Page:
Gerhardt 1970 Indy car-by-car histories

Jim Malloy in the 1970 Gerhardt at Trenton in April 1972. Copyright Rich Bunning 2020. Used with permission.

Jim Malloy in the 1970 Gerhardt at Trenton in April 1972. Copyright Rich Bunning 2020. Used with permission.

A refinement of the team's 1969 wedge design, the 1970 Gerhardt was used until 1972 but did not achieve the success of earlier Gerhardts and no customer sales were made.

The 1969 wedge Gerhardt had won two races in 1969 but both were achieved by the STP-backed team of Art Pollard and Grant King, and Gerhardt's other customers had melted away. Long-time Gerhardt enthusiast Gordy Johncock returned his 1969 car unraced and Myron Caves' team was absent from racing due to its owner's health problems. Fred Gerhardt built two new wedge Gerhardts for his Thermo-King-sponsored team in 1970 and continuing driver Gary Bettenhausen also had the two remaining 1969 cars available, one set up for ovals and one for road courses. After the 1969 cars were used at the opening races of the season, the two new 1970 cars appeared at the Indy 500 where they differed from the earlier cars in their blunter noses and higher cockpit bodywork. After qualifying mid-grid and retiring early in one of his new 1970 cars, Bettenhausen used the new car again at Milwaukee a week later but then went back to his 1969 car for the next two races. At Langhorne Bettenhausen qualified second, the best he had ever achieved in a Gerhardt, and finished fifth. At Michigan three weeks later he went even better, setting the fastest qualifying time and winning, and he admitted in interviews that he just felt more comfortable in this 1969 car than others in the stable. The only other races for the 1970 car that season were at Ontario, Trenton and Phoenix, but it failed to qualify for one and retired from the other two.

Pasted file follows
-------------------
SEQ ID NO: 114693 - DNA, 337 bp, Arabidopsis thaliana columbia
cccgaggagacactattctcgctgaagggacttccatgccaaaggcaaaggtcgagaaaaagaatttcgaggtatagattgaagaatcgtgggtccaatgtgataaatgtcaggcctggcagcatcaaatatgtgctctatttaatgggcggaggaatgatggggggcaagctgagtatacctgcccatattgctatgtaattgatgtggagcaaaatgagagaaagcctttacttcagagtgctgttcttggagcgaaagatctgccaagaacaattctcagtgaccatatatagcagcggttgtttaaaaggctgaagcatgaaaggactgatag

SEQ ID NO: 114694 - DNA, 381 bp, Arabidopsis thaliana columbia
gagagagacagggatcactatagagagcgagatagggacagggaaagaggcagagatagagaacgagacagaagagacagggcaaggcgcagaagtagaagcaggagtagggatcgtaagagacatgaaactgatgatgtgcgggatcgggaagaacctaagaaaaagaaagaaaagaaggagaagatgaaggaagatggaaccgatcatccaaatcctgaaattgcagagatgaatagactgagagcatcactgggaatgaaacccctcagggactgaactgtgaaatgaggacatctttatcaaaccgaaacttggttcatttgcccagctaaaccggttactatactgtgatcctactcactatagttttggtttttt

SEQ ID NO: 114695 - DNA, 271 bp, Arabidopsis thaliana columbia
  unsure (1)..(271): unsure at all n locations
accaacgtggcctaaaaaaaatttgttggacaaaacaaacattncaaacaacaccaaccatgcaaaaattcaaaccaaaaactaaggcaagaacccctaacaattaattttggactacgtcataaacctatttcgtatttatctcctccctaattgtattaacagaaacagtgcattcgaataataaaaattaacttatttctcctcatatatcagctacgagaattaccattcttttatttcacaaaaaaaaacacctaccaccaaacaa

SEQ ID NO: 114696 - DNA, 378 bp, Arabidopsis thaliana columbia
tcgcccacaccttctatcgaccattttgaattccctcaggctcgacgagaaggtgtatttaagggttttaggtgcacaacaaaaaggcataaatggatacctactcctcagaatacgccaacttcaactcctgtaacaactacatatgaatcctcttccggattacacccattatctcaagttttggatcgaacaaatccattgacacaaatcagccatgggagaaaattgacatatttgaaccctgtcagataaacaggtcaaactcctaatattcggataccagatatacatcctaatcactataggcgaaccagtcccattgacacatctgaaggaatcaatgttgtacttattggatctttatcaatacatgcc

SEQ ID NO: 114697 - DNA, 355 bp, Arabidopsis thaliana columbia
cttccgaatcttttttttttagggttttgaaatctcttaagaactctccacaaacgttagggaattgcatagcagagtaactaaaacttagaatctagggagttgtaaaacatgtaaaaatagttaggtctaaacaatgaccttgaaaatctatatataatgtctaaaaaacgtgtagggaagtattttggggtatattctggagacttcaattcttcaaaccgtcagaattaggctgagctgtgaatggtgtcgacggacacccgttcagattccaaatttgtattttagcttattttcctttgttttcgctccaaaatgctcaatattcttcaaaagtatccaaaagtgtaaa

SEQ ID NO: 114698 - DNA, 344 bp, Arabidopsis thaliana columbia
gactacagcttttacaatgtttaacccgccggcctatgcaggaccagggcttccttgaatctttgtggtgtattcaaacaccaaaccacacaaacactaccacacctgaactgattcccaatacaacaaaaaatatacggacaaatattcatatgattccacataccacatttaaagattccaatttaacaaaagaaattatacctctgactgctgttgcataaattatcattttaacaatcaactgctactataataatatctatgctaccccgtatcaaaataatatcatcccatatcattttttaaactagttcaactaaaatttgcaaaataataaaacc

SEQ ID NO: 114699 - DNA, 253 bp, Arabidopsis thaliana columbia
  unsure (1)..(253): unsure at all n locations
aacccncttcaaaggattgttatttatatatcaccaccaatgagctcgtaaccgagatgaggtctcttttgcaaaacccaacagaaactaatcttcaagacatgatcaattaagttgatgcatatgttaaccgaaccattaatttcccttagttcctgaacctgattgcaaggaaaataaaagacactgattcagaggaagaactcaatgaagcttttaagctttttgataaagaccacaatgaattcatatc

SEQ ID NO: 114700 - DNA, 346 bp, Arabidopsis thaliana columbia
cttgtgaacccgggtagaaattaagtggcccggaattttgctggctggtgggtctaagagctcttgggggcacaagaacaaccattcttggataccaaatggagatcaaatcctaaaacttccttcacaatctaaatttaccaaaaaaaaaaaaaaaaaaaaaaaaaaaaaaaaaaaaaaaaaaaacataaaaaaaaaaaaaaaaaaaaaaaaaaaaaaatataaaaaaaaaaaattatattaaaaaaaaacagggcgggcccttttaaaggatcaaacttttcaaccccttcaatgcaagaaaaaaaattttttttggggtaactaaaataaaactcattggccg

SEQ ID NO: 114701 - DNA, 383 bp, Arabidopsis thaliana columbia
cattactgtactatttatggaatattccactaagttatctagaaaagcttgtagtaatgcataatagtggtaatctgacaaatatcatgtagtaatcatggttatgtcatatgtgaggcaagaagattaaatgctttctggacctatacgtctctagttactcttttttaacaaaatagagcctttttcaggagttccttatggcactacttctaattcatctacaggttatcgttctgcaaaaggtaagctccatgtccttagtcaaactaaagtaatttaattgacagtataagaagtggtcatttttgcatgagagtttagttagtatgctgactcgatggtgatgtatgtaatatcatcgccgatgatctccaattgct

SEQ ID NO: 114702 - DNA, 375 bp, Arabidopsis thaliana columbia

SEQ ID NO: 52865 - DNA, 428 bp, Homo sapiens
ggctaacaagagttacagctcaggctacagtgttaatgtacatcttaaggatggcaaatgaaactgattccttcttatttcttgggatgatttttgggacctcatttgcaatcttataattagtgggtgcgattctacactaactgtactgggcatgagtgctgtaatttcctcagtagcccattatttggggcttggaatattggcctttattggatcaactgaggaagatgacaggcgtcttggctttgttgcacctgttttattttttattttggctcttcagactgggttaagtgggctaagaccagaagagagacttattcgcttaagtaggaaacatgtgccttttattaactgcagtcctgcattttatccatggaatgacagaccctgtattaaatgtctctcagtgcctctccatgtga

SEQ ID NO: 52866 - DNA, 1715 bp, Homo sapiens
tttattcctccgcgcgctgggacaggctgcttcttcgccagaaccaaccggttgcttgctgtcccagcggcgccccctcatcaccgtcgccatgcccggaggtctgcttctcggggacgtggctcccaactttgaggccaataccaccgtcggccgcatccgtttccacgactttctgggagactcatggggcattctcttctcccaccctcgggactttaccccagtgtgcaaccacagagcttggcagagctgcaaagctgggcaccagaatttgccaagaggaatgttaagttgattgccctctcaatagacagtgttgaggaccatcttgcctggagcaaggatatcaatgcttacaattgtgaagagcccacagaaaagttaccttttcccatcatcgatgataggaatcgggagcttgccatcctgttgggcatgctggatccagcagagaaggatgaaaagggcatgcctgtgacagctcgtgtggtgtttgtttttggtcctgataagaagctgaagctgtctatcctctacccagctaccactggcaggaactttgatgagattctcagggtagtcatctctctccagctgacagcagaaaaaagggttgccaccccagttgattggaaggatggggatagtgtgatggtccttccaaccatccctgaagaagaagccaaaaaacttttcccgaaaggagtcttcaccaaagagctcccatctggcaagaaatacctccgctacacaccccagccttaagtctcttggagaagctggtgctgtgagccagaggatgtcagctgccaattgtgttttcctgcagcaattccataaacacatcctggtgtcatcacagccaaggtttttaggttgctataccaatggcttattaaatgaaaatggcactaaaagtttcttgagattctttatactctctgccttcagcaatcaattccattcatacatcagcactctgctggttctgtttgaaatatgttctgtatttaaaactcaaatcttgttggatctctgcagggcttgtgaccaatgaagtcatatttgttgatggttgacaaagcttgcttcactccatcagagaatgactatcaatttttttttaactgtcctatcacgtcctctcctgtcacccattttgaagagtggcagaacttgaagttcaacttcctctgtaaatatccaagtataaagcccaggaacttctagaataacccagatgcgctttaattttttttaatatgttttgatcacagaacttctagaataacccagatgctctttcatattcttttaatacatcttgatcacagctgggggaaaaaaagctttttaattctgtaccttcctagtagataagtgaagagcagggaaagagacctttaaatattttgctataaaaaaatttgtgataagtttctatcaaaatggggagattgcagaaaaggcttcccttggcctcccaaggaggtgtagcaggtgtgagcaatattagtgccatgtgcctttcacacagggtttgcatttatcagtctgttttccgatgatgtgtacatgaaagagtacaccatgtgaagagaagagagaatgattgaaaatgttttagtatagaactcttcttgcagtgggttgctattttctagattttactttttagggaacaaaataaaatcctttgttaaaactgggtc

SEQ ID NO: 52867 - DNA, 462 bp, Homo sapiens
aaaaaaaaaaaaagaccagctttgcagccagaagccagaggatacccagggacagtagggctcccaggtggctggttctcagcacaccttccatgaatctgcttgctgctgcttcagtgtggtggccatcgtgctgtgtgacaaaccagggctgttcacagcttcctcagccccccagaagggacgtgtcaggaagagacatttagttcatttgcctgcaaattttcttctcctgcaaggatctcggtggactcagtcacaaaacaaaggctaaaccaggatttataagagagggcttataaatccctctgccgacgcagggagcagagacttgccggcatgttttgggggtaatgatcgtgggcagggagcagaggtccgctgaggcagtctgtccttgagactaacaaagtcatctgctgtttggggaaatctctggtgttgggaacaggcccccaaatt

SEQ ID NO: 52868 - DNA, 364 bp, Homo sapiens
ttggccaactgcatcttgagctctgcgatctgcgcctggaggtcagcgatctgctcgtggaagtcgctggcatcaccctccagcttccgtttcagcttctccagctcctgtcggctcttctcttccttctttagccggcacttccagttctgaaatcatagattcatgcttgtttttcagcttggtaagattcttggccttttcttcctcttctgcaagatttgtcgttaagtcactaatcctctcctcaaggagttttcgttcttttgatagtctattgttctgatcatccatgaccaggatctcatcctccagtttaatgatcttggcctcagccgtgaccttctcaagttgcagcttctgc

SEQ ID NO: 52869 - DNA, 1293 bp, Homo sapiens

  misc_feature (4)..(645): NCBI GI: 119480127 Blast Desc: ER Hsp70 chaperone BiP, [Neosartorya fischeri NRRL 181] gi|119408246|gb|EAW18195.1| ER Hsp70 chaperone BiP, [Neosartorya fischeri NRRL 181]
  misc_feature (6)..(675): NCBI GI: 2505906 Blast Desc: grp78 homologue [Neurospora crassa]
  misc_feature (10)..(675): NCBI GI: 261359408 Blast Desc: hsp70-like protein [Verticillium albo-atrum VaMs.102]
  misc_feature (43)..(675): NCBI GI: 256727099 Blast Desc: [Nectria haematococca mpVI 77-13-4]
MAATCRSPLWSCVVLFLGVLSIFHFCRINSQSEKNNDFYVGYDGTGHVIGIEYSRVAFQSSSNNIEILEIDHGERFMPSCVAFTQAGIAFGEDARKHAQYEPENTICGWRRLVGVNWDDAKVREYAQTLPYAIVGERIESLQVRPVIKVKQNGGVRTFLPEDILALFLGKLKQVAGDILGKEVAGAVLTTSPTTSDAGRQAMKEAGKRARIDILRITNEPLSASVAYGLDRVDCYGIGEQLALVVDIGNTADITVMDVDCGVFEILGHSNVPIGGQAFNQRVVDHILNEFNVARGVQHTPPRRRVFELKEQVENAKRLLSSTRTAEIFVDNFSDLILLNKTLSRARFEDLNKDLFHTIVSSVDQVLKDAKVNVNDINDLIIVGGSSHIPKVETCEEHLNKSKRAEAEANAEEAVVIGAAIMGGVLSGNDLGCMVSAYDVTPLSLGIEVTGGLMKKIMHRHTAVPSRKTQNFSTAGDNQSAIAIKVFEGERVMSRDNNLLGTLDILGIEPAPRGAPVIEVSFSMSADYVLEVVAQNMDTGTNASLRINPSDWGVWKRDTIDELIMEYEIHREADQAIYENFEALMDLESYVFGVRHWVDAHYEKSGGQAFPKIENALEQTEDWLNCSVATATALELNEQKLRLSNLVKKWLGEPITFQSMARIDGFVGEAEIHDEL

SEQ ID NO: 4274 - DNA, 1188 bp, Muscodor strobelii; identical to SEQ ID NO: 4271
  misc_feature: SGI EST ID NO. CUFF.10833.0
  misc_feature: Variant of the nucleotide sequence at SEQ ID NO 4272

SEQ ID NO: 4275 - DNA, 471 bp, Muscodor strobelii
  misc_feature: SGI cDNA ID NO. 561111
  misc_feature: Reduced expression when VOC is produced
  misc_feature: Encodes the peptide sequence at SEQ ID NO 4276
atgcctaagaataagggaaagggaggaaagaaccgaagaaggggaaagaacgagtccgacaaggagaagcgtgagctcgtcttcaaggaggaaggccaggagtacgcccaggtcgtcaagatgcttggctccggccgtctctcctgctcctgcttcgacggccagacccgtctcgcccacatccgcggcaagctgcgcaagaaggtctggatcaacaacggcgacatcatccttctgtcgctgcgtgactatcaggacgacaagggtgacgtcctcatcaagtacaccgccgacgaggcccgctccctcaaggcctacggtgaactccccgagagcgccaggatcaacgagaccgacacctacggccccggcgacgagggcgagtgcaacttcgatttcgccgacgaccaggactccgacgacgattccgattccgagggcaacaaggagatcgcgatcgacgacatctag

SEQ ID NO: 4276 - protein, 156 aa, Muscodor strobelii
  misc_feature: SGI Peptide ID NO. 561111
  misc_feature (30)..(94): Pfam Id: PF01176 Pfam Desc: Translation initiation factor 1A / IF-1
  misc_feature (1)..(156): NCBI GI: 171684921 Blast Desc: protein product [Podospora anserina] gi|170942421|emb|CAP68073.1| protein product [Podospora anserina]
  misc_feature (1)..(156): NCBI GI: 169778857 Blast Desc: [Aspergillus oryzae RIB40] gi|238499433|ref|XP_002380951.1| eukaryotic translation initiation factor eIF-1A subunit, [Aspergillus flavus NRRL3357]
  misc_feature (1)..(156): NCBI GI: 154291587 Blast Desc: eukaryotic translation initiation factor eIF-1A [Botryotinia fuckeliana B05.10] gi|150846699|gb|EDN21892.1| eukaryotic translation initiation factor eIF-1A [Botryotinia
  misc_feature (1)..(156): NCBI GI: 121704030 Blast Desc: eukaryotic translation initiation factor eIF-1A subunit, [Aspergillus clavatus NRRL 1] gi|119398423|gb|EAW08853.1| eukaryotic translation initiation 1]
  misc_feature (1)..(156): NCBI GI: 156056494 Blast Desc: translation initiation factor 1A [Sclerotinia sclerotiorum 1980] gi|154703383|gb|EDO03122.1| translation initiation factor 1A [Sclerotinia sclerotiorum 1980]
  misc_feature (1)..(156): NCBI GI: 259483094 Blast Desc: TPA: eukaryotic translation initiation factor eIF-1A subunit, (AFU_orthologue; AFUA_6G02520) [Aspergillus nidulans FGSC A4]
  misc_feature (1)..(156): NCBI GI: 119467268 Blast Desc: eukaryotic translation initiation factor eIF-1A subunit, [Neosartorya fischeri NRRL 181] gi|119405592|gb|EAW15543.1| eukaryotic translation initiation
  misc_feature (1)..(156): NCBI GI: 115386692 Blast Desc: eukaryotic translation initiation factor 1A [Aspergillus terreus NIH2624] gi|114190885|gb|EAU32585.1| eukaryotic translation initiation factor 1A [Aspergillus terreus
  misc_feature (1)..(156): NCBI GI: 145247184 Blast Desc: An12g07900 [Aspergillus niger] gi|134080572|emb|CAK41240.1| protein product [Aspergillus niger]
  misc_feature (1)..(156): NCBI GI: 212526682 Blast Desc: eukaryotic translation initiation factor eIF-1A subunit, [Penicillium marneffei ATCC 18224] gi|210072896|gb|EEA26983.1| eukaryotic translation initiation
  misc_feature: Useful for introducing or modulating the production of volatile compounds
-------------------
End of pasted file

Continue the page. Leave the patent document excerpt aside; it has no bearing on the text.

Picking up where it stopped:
Both cars were revamped for 1971 with a large sheet-metal top surface added in an attempt to create downforce, the body angling up towards the rear to act as a spoiler. The Halibrand 2-speed transmission was also replaced with a Weismann 4-speed. In this form the car was more successful in 1971, Bettenhausen qualifying fourth at Phoenix and fifth at Trenton. The Gerhardt team at this stage comprised founder Fred Gerhardt, his son and racing director Don Gerhardt, chief mechanic Phil Casey, and mechanics Lynn Reid, Oliver Clow, Paul Leffler and Bob Hatch. After the Indy 500, USAC relaxed the rules for wings, and the primary 1970 Gerhardt was rebuilt with the wide spoiler removed and McLaren M16-style front and rear wings added. The other car was still in its early 1971 form at the end of the season.

The cars were again retained for 1972 but only until the team's new Eagles were ready for new driver Jim Malloy. After the first Eagle was destroyed in Malloy's fatal accident at the Speedway, replacement driver Johnny Rutherford crashed the primary 1970 Gerhardt when he hit the wall at Milwaukee in June and the car was consumed by fire. The surviving 1970 car was used until more Eagles were delivered.

If you can add to our understanding of these cars, or have photographs that we can use, please email Allen at allen@oldracingcars.com.

Current owner
Gerhardt 70
'the first Gerhardt house car'